Groeningemuseum

Bruges, Belgium

The Groeningemuseum is built on the site of the medieval Eekhout Abbey. It houses a comprehensive survey of six centuries of Flemish and Belgian painting, from Jan van Eyck to Marcel Broodthaers. The museum's many highlights include its collection of 'Flemish Primitive' art, works by a wide range of Renaissance and Baroque masters, as well as a selection of paintings from the 18th and 19th century neo-classical and realist periods, milestones of Belgian symbolism and modernism, masterpieces of Flemish expressionism and many items from the city's collection of post-war modern art.

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Address

Groeninge 15, Bruges, Belgium
See all sites in Bruges

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Category: Museums in Belgium

Rating

4.4/5 (based on Google user reviews)

User Reviews

Bill Edwards (2 years ago)
All on one level so accessible for wheelchairs. Compact so can be done in a couple of hours. A good spread from medieval to modern. Great to see Hieronymus Bosch's work in the flesh.
Alejandro Garcia Lemos (2 years ago)
This a great size and temático museum. Mostly focus on Flemish primitive and Jan Van Dick. There are some painting that will leave you speechless. Only recomendad for those who enjoy attention to the detail to the level of obsession. It’s also a great building! Enjoy it!
Fabio Diglio (2 years ago)
During Bruges’ Golden Age, the 15th century, the fine arts prevailed and the great Flemish Primitives made a name for themselves. The world-renowned works of Jan Van Eyck and other prominent Flemish Masters can be admired at the Groeningemuseum, the main museum in Bruges. For art lovers.
Paul Beckman (3 years ago)
This is a small, extremely manageable, well-though-out museum with some great works by Flemish masters from early through modern periods. Reasonably priced entry. Maybe a bit too small and missing some of the highlights that you might expect from the public description, but absolutely worth a visit.
Melchior Spruit (3 years ago)
Totally loved the great art that goes back many ages. Especially touching is the spiritualism gallery. The paintings are diverse and never boring. Go discover this wonderful museum, because this is slow food for the soul.
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Glimmingehus is the best preserved medieval stronghold in Scandinavia. It was built 1499-1506, during an era when Scania formed a vital part of Denmark, and contains many defensive arrangements of the era, such as parapets, false doors and dead-end corridors, 'murder-holes' for pouring boiling pitch over the attackers, moats, drawbridges and various other forms of death traps to surprise trespassers and protect the nobles against peasant uprisings. The lower part of the castle's stone walls are 2.4 meters (94 inches) thick and the upper part 1.8 meters (71 inches).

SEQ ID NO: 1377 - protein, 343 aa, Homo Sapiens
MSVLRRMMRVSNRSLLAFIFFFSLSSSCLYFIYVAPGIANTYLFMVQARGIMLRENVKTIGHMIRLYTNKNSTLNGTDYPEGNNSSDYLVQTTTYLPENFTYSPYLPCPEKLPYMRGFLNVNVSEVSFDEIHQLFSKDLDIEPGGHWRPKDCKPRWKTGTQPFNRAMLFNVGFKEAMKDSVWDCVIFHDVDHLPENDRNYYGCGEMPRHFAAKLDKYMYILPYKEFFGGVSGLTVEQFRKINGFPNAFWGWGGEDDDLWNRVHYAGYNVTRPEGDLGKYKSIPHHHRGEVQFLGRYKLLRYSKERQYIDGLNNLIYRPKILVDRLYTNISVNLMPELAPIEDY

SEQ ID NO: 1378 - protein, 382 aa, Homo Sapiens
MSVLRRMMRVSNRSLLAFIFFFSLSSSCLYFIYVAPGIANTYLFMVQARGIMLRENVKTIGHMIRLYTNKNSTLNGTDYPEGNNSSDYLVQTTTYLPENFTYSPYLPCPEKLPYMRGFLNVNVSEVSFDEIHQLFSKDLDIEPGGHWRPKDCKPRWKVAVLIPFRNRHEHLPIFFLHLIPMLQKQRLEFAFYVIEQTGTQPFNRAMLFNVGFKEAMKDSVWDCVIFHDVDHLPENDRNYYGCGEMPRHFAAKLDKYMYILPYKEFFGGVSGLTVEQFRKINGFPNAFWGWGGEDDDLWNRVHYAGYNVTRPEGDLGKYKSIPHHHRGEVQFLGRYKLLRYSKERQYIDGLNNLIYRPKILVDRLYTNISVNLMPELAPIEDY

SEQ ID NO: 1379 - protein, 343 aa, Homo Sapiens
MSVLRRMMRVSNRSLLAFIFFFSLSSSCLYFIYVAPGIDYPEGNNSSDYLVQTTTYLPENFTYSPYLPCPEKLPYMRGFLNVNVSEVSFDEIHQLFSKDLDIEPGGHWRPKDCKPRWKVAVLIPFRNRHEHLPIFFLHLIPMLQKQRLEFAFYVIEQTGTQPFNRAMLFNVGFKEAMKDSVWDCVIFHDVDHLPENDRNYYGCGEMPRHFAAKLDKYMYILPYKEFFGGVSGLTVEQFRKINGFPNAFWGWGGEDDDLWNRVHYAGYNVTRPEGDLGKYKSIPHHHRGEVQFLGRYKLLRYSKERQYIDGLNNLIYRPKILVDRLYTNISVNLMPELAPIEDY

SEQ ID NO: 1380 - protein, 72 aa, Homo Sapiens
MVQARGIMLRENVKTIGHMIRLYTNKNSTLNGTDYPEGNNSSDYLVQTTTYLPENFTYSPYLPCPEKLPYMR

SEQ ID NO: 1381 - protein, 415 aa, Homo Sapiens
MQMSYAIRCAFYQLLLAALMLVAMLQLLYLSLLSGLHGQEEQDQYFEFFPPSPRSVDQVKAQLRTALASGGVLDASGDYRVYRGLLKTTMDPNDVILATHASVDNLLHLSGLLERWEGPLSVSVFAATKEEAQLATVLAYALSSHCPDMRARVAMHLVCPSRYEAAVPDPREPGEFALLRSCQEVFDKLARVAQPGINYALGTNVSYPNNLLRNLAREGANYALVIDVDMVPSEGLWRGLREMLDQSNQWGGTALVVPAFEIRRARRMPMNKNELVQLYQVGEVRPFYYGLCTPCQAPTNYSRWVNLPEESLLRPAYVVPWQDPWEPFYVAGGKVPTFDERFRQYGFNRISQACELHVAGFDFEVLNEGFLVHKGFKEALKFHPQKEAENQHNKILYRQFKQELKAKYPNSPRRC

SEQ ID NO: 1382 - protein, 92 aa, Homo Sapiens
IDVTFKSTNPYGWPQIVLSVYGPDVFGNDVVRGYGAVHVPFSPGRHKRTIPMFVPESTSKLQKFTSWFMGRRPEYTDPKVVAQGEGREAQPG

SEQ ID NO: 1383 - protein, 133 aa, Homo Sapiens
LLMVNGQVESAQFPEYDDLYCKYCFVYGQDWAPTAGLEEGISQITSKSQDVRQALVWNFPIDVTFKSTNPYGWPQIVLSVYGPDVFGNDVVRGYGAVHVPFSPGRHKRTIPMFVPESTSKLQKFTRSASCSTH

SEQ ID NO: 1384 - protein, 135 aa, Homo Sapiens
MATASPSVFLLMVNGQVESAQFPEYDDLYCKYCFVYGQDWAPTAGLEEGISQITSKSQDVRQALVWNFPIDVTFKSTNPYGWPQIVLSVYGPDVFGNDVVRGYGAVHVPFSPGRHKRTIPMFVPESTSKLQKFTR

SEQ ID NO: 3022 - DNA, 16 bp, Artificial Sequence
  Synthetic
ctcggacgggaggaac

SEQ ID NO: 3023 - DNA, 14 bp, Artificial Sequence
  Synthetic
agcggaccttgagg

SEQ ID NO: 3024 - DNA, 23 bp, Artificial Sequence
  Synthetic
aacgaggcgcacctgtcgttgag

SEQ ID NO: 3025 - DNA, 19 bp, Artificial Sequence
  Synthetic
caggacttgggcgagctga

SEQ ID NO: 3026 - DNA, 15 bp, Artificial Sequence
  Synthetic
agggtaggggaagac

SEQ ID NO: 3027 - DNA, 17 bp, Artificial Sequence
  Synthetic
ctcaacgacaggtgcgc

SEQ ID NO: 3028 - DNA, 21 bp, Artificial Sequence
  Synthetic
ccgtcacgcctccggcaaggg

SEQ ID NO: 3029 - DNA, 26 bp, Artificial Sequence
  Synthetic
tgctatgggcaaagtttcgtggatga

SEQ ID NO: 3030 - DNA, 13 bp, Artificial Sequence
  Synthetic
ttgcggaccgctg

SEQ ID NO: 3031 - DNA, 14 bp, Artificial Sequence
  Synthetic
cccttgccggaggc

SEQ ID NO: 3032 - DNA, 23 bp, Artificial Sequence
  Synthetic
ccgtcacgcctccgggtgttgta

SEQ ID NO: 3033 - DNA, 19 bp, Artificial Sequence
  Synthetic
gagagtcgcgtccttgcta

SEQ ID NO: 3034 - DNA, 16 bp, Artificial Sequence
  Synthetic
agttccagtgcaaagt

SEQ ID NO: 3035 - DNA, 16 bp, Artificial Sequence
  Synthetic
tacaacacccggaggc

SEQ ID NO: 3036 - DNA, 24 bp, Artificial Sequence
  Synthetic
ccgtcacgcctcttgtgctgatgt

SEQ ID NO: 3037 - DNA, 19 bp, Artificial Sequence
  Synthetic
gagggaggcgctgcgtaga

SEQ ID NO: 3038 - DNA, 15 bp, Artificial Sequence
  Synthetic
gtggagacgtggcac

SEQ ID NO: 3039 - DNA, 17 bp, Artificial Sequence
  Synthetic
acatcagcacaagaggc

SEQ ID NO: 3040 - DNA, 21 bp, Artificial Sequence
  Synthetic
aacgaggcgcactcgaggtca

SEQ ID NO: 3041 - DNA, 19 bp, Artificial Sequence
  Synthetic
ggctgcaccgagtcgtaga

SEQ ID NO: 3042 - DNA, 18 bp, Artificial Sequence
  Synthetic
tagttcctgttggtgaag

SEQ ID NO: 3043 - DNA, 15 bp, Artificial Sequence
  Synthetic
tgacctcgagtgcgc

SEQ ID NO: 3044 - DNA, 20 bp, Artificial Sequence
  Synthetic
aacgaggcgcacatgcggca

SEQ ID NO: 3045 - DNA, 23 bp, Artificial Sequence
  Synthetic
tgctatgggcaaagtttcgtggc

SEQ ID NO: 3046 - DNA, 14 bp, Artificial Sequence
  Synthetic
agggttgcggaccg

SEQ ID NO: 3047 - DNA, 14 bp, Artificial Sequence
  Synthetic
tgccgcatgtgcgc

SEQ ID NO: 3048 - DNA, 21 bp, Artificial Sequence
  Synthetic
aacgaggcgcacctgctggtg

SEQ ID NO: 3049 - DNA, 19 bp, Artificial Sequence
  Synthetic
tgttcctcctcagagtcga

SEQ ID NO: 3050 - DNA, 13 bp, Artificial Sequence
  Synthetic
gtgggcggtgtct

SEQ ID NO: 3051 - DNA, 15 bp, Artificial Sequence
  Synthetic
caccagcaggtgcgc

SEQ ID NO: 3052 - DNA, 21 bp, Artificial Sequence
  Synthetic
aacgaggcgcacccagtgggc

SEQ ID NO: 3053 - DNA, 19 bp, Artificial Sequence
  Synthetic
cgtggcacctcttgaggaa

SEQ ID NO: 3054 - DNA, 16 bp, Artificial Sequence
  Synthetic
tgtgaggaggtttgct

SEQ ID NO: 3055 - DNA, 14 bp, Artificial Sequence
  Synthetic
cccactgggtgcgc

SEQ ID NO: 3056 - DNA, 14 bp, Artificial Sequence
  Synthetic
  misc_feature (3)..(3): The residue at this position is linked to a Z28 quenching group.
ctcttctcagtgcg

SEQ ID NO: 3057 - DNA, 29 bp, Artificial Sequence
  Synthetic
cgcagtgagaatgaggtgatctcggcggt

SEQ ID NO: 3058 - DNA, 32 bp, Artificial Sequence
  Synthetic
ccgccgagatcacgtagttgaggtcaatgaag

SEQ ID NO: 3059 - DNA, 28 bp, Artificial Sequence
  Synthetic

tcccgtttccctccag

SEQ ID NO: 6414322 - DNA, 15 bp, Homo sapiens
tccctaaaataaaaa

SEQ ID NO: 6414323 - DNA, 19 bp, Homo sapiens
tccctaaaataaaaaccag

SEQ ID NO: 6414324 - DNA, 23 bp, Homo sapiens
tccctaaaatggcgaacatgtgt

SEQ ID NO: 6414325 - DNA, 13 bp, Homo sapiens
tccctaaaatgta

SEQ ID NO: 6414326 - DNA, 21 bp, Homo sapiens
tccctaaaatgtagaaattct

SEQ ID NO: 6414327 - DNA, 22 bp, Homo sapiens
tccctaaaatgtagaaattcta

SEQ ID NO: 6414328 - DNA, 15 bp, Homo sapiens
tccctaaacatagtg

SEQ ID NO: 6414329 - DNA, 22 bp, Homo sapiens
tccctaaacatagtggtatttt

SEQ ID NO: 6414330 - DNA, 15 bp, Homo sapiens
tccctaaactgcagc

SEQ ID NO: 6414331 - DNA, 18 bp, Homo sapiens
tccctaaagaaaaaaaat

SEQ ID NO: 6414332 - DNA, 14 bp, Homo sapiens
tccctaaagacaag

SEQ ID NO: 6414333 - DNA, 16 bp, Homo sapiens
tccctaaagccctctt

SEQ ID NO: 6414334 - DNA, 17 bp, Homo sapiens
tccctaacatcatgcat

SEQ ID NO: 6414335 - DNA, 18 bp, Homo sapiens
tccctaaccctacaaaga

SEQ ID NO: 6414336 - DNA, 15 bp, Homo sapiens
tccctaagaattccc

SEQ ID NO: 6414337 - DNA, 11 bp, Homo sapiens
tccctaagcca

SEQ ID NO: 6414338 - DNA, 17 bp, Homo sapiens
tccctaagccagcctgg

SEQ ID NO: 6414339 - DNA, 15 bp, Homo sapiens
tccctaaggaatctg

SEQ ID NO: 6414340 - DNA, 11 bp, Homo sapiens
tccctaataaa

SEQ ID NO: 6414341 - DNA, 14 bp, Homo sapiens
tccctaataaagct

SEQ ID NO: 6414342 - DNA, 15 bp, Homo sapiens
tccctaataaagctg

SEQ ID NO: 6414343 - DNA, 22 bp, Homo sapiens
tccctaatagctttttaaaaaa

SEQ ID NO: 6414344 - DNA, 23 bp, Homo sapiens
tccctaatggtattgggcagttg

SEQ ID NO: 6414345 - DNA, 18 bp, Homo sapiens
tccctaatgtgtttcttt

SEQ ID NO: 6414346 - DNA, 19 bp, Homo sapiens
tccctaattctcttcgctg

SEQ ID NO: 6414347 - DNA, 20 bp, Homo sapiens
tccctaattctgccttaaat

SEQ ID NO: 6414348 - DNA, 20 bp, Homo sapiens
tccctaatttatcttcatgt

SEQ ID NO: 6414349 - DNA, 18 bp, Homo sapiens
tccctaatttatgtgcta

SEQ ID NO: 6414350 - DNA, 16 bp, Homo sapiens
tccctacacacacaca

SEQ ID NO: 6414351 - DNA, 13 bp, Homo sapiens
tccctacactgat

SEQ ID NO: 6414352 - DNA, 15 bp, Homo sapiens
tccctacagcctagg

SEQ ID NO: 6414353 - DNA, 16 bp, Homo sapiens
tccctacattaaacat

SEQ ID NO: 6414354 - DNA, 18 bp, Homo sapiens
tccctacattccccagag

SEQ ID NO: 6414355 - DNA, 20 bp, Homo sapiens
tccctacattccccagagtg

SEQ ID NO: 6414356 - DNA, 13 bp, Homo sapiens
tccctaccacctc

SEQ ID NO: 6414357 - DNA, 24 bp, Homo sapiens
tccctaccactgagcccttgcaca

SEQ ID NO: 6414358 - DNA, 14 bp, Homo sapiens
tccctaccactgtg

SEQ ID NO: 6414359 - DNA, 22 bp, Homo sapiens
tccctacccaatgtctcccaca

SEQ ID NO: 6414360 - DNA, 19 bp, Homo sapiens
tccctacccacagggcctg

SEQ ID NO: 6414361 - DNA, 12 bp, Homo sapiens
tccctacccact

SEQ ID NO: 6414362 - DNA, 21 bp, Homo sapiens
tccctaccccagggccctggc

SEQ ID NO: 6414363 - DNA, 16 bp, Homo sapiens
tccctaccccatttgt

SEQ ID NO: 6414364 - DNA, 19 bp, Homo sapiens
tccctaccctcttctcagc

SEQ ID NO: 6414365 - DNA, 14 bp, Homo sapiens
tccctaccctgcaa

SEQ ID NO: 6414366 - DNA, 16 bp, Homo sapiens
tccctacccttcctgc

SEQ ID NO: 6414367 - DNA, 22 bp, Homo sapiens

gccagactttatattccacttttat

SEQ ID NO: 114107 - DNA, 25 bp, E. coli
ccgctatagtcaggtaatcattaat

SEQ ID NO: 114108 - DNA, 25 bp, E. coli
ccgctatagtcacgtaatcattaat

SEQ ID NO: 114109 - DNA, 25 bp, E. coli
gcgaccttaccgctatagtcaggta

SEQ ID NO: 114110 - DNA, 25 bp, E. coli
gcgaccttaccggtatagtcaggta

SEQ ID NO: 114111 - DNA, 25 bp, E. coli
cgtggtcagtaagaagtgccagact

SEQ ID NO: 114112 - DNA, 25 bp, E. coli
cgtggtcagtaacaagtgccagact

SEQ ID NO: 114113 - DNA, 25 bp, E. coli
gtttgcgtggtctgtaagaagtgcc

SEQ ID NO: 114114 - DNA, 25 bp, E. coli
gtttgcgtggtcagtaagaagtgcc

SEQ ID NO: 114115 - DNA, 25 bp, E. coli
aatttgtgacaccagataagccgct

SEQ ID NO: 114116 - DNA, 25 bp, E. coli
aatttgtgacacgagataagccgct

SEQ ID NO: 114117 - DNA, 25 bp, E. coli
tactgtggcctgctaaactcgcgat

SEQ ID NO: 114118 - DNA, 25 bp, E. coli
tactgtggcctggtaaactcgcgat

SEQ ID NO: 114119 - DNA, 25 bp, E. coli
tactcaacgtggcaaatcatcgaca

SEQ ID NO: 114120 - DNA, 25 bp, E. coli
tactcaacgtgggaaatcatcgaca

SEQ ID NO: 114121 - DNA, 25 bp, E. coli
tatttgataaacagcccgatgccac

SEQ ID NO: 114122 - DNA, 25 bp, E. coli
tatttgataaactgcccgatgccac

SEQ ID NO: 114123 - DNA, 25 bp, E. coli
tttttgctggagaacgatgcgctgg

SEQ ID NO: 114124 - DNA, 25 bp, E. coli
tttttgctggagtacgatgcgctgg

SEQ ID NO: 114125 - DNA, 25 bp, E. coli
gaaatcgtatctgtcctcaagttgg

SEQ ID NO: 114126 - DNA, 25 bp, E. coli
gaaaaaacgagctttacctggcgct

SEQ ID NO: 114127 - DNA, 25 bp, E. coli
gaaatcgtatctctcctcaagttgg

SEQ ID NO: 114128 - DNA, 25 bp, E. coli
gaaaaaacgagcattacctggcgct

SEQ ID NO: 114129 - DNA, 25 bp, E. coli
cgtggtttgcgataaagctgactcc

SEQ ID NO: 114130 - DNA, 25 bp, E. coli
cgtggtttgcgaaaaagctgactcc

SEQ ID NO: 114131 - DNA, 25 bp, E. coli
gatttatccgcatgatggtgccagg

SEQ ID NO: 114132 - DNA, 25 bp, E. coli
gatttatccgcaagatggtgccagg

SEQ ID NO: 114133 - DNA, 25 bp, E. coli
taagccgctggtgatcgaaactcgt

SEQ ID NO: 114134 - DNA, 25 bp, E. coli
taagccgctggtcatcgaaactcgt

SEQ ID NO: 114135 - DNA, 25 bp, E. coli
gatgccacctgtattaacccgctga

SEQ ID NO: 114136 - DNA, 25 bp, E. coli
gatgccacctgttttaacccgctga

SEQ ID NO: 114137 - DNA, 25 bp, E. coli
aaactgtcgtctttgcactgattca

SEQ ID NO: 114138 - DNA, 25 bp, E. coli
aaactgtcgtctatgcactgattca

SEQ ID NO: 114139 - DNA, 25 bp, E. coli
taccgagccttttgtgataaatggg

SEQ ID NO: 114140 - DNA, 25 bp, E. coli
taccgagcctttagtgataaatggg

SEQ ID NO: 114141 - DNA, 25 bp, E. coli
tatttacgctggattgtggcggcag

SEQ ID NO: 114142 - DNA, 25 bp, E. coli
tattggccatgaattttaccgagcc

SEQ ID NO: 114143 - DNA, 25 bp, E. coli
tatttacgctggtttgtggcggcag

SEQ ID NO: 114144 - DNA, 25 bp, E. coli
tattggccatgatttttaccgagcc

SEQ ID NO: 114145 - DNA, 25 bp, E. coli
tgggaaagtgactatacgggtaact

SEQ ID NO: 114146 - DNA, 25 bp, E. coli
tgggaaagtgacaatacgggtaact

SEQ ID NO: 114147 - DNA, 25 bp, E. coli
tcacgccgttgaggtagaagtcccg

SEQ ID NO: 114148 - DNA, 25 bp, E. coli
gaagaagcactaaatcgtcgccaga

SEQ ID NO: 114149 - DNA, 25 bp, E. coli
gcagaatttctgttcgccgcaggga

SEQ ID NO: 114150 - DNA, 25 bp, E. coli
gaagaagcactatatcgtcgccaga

Construction was started in 1499 by the Danish knight Jens Holgersen Ulfstand and stone-cutter-mason and architect Adam van Düren, a North German master who also worked on Lund Cathedral. Construction was completed in 1506.

Ulfstand was a councillor, nobleman and admiral serving under John I of Denmark and many objects have been uncovered during archeological excavations that demonstrate the extravagant lifestyle of the knight's family at Glimmingehus up until Ulfstand's death in 1523. Some of the most expensive objects for sale in Europe during this period, such as Venetian glass, painted glass from the Rhine district and Spanish ceramics have been found here. Evidence of the family's wealth can also be seen inside the stone fortress, where everyday comforts for the knight's family included hot air channels in the walls and bench seats in the window recesses. Although considered comfortable for its period, it has also been argued that Glimmingehus was an expression of "Knighthood nostalgia" and not considered opulent or progressive enough even to the knight's contemporaries and especially not to later generations of the Scanian nobility. Glimmingehus is thought to have served as a residential castle for only a few generations before being transformed into a storage facility for grain.

An order from Charles XI to the administrators of the Swedish dominion of Scania in 1676 to demolish the castle, in order to ensure that it would not fall into the hands of the Danish king during the Scanian War, could not be executed. A first attempt, in which 20 Scanian farmers were ordered to assist, proved unsuccessful. An additional force of 130 men were sent to Glimmingehus to execute the order in a second attempt. However, before they could carry out the order, a Danish-Dutch naval division arrived in Ystad, and the Swedes had to abandon the demolition attempts. Throughout the 18th century the castle was used as deposit for agricultural produce and in 1924 it was donated to the Swedish state. Today it is administered by the Swedish National Heritage Board.

On site there is a museum, medieval kitchen, shop and restaurant and coffee house. During summer time there are several guided tours daily. In local folklore, the castle is described as haunted by multiple ghosts and the tradition of storytelling inspired by the castle is continued in the summer events at the castle called "Strange stories and terrifying tales".